China-based SA teacher says quarantine necessary
The number of confirmed Covid-19 cases in SA are on the rise and the country is preparing for the worst.
But a SA citizen living in China is getting ready to get back to class after being quarantined for 52 days.
Ndumiso Nkosingiphile Chili, 25, said during nearly two months of life behind closed doors, he only had his phone, TV and internet to make sense of daily life.
The English teacher said: "China has been on lockdown for almost three months which means there was nothing functional in the country besides healthcare facilities. I was not allowed to go outside, I had to stay in my apartment [relying] on my phone, TV and internet to communicate [and follow world events]."
He said residents in the complex where he lives - in the city of Xi'an in central China - organised a committee of people to assist tenants to buy groceries and other necessities.
"We had to transfer money to the landlord who allocated the funds to the committee and the food was delivered to our doorsteps. No visitors were allowed and it was hurting to see people losing their family members," he said.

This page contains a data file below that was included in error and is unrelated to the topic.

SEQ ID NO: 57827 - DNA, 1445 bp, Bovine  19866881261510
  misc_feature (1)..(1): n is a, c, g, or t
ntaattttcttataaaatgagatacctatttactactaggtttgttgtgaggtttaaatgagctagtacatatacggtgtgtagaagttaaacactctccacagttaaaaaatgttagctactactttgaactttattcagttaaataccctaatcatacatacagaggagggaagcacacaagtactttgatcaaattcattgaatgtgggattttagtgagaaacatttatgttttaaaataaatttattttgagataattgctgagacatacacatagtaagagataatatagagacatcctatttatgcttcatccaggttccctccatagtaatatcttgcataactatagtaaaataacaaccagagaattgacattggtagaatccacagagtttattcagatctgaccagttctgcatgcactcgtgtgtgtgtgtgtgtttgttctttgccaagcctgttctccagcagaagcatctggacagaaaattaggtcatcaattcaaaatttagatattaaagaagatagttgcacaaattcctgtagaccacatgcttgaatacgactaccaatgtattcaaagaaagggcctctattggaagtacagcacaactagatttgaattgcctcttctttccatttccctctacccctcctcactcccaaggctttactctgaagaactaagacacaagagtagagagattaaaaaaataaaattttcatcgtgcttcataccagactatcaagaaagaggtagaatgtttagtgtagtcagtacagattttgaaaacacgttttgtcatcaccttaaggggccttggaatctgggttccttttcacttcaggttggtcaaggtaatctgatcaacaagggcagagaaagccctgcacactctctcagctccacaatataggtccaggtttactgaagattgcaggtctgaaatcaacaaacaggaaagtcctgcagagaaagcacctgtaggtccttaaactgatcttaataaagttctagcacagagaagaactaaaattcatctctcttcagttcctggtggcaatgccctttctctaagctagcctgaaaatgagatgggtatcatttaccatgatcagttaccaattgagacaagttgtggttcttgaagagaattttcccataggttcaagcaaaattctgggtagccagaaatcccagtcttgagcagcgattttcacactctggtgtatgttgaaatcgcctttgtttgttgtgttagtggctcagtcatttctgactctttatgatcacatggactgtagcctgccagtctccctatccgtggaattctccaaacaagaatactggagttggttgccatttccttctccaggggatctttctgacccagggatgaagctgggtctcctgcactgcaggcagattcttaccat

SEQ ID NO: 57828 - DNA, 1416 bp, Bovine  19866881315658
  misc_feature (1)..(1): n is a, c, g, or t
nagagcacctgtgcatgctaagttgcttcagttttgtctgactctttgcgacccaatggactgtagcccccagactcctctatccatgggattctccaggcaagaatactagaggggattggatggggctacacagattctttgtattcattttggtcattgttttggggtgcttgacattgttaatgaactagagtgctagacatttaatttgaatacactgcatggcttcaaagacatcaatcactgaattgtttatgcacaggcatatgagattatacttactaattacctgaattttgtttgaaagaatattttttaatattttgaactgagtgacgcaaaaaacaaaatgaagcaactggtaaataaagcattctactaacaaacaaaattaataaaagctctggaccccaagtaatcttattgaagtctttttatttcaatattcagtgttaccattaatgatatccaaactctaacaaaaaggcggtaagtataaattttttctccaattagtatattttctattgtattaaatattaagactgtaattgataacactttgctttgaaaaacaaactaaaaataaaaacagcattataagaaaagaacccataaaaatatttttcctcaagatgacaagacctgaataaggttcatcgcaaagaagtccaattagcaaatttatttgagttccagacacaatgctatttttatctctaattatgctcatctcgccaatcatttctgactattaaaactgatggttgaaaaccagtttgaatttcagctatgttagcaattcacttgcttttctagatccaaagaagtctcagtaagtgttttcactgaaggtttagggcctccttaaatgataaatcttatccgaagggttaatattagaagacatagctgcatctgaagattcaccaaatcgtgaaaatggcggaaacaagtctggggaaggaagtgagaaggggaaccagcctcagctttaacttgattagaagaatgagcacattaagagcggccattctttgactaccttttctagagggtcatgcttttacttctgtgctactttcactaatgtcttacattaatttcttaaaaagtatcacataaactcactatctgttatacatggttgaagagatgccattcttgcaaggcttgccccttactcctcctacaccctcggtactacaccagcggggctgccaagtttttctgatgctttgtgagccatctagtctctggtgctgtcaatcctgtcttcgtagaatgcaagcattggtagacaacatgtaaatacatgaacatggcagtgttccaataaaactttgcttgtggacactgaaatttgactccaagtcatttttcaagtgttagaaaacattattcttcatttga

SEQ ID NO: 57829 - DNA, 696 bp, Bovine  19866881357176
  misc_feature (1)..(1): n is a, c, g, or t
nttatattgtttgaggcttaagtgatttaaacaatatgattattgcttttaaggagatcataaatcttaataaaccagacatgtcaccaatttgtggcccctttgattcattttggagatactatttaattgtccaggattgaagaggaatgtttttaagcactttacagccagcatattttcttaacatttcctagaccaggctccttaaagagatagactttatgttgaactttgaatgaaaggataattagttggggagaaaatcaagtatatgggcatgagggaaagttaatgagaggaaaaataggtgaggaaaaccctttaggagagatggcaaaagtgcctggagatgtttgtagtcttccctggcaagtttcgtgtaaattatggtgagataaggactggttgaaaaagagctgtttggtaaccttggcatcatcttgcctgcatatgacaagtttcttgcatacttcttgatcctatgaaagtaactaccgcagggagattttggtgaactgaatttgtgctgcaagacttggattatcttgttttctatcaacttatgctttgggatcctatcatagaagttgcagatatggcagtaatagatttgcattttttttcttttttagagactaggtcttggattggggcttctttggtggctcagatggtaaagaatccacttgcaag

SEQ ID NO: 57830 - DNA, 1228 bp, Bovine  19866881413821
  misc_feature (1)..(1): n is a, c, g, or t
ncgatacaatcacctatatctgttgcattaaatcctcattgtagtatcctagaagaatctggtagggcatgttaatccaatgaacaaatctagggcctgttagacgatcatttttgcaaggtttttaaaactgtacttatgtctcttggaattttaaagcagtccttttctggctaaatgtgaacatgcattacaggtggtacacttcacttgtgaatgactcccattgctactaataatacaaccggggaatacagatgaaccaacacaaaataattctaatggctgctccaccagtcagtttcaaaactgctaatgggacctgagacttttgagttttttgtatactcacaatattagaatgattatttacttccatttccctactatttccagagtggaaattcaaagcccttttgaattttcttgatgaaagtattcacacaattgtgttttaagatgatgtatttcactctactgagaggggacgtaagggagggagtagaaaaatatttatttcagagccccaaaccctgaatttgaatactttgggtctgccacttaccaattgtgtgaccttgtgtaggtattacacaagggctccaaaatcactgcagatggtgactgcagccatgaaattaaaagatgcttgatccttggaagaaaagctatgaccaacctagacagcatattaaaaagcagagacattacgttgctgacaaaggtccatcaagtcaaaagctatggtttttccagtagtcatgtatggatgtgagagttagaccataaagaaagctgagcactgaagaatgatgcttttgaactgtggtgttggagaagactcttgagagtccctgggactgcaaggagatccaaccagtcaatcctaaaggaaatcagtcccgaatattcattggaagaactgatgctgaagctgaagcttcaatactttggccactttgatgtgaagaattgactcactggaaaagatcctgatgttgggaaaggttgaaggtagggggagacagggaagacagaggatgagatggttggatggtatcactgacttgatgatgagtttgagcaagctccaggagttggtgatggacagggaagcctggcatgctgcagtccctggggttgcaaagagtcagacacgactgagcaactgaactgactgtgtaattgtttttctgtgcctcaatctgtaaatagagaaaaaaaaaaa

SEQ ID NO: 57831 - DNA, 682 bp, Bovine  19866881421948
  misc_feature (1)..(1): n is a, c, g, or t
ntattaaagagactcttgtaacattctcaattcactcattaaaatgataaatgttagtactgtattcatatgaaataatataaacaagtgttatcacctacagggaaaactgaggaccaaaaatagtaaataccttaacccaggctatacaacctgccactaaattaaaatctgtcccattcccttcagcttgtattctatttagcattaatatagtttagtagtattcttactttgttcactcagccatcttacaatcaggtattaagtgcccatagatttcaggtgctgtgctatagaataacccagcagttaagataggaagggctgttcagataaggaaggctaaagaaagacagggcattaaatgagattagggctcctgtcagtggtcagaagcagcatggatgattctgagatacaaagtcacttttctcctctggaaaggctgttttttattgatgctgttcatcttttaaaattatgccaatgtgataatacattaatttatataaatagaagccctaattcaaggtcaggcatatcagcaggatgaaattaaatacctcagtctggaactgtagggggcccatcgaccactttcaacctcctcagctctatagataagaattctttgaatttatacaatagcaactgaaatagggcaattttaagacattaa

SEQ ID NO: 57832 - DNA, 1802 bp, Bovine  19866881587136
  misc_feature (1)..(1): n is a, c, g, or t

Chili, who is originally from KwaZulu-Natal and studied at the University of Pretoria, said workers have been paid a minimum wage as Covid-19 continues to hit the Chinese economy very hard.
"It has hit us financially, emotionally and spiritually because schools are still closed. However, we understand the most important part is to stay safe and healthy. I could not even go home, my family felt helpless..."
Chili said it worried him to see people posting on social media that they would go hibernate in rural areas should the virus outbreak prove to be uncontainable.
"That is just unfair. People infected in the rural areas have minimal knowledge about the virus and will therefore be vulnerable to exposure, in areas with sparse medical centres. People can quarantine themselves and just make sure they have enough food and drinks."
He said the virus required a complete change of behaviour and discipline.
"I am concerned about our elders who are informal traders. Our parents survive by selling vegetables on the streets, at taxi ranks and train stations, and are therefore overly exposed to possible infection. You can imagine how things will be if Covid-19 gets to informal trading," Chili said.
He feels that South African government should have worked with the municipalities to identify families that need to be assisted with food and immune boosters.
"People really need to be careful as the virus begins with one person. Keep yourself safe by staying indoors."
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